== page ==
It starts with a story:
It all started one fall night, around the dinner table, after a filling meal…the flow of conversation that follows with good company; some call us lifelong learners, some call us geeks and, others, renaissance men. With Halloween around the corner, our conversation centered on Salem and the ruckus that would surely ensue; was modern Salem any different from 1692 Salem? What motivated “girls to behave badly?” Could it happen again? Surely, our thinking is clearer now…the devil isn´t in Salem?! And, out came the cell phones-google on! And so the debate raged on until early morning, each member adding his/her perspective and making for an enjoyable evening. What I learned that night, besides many new Salem tidbits, was that in a company of people, learned outside of my frame of reference, I was inspired! I wanted to continue that debate that sleep had robbed from us. Wouldn´t it be awesome if this phenomenon occurred in my classroom?
And so, I tried it. I took our case, Salem´s Secrets, and sought out a psychology professor and a history professor. We pitted student against student with the authority of the teachings of their esteemed professor. And what happened? It was infectious. Salem spread like a plague throughout campus. Not only did we “hook” the students, we caught the attention of faculty and staff outside the initial group. Everybody was Salem…and everybody was learning. We had truly created a learning community. The best part, people can´t wait to see what we do next!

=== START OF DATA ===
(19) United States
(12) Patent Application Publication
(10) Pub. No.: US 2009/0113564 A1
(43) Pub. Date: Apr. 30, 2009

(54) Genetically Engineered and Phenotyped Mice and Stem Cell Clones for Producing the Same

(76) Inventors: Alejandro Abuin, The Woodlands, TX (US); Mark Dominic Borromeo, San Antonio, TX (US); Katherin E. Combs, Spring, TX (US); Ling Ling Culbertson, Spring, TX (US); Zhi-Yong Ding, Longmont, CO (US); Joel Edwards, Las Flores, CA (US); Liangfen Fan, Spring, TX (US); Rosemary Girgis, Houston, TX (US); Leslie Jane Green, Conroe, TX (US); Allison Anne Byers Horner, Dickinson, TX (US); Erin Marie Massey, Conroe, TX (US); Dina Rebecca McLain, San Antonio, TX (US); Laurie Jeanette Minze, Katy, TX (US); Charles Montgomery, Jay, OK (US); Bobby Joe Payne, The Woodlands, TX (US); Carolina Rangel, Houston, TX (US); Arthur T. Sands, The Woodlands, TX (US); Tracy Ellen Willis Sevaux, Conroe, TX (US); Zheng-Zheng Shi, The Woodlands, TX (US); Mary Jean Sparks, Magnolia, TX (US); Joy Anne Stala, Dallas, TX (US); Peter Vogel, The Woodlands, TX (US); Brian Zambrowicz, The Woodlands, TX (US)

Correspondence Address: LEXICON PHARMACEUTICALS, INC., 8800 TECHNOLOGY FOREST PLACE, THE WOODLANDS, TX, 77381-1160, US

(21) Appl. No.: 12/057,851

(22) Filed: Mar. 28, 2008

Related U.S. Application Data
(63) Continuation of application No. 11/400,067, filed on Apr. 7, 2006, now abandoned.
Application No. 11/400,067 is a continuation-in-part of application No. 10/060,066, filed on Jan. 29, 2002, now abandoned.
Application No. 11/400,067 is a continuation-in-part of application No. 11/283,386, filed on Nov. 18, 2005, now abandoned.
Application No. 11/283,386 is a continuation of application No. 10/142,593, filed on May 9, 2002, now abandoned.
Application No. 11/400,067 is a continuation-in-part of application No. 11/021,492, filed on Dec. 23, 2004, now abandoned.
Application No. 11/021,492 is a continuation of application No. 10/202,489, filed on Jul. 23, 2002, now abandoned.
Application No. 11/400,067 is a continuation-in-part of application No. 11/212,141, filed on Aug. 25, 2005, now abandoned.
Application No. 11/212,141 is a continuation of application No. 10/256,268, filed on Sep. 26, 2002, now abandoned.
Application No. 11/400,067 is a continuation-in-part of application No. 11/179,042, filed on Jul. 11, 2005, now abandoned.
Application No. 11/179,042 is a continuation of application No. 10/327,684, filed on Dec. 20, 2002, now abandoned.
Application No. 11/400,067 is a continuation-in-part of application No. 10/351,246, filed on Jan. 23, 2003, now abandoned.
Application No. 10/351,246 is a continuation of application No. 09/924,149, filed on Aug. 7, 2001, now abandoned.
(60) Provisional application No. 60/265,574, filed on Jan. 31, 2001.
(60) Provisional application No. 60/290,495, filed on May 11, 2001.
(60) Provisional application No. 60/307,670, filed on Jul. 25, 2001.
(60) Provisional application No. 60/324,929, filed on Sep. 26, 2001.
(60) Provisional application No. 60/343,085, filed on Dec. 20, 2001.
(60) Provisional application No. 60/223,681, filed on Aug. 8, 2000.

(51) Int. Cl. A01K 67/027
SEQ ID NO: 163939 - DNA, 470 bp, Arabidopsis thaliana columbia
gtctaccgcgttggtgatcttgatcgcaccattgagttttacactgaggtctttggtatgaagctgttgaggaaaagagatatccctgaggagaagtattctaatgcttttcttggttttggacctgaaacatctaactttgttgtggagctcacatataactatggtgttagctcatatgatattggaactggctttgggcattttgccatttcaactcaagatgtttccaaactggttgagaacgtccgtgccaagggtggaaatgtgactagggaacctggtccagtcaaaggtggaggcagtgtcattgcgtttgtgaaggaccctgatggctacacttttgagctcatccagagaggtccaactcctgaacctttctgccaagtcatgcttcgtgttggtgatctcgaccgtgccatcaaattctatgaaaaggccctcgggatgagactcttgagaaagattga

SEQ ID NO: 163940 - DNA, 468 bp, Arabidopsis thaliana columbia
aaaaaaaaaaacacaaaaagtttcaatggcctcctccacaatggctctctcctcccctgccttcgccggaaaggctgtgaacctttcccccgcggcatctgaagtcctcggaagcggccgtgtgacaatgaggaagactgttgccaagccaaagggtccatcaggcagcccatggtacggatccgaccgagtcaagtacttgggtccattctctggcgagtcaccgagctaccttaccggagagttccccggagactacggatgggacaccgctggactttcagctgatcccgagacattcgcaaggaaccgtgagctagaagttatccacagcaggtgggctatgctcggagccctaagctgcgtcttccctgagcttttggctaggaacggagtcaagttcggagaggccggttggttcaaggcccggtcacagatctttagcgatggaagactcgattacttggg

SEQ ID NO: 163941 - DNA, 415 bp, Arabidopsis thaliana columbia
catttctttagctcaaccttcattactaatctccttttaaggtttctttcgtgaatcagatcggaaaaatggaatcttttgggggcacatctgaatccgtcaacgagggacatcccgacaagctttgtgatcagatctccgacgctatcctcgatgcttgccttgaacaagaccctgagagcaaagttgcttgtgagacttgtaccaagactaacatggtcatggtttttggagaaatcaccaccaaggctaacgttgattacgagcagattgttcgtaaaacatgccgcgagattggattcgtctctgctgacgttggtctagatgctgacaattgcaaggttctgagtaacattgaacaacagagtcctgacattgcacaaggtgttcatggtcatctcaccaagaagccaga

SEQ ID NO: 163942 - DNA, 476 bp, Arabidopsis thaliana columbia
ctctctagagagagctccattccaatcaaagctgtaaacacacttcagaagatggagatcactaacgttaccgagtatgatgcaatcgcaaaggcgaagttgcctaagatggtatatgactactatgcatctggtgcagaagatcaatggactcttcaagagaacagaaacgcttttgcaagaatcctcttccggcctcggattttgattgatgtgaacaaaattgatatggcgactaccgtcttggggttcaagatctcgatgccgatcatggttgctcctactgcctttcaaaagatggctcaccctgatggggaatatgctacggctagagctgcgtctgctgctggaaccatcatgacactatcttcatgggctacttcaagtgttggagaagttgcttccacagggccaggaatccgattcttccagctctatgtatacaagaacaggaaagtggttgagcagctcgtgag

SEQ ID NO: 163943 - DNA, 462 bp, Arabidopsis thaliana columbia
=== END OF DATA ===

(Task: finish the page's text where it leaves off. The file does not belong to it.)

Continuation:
And leads to learning.
“I have used case method teaching in my curriculum for all my courses, but it was also useful to see it presented in a more interdisciplinary manner… Enjoyable, validating and enhancing.”
- Faculty Development Workshop Evaluation, “Renaissance Teaching in the 21st Century”
We design workshops to:
- identify the advantages of learning communities;
- identify obstacles to sustaining learning communities;
- develop plans to create customized learning communities to fit teaching and learning goals.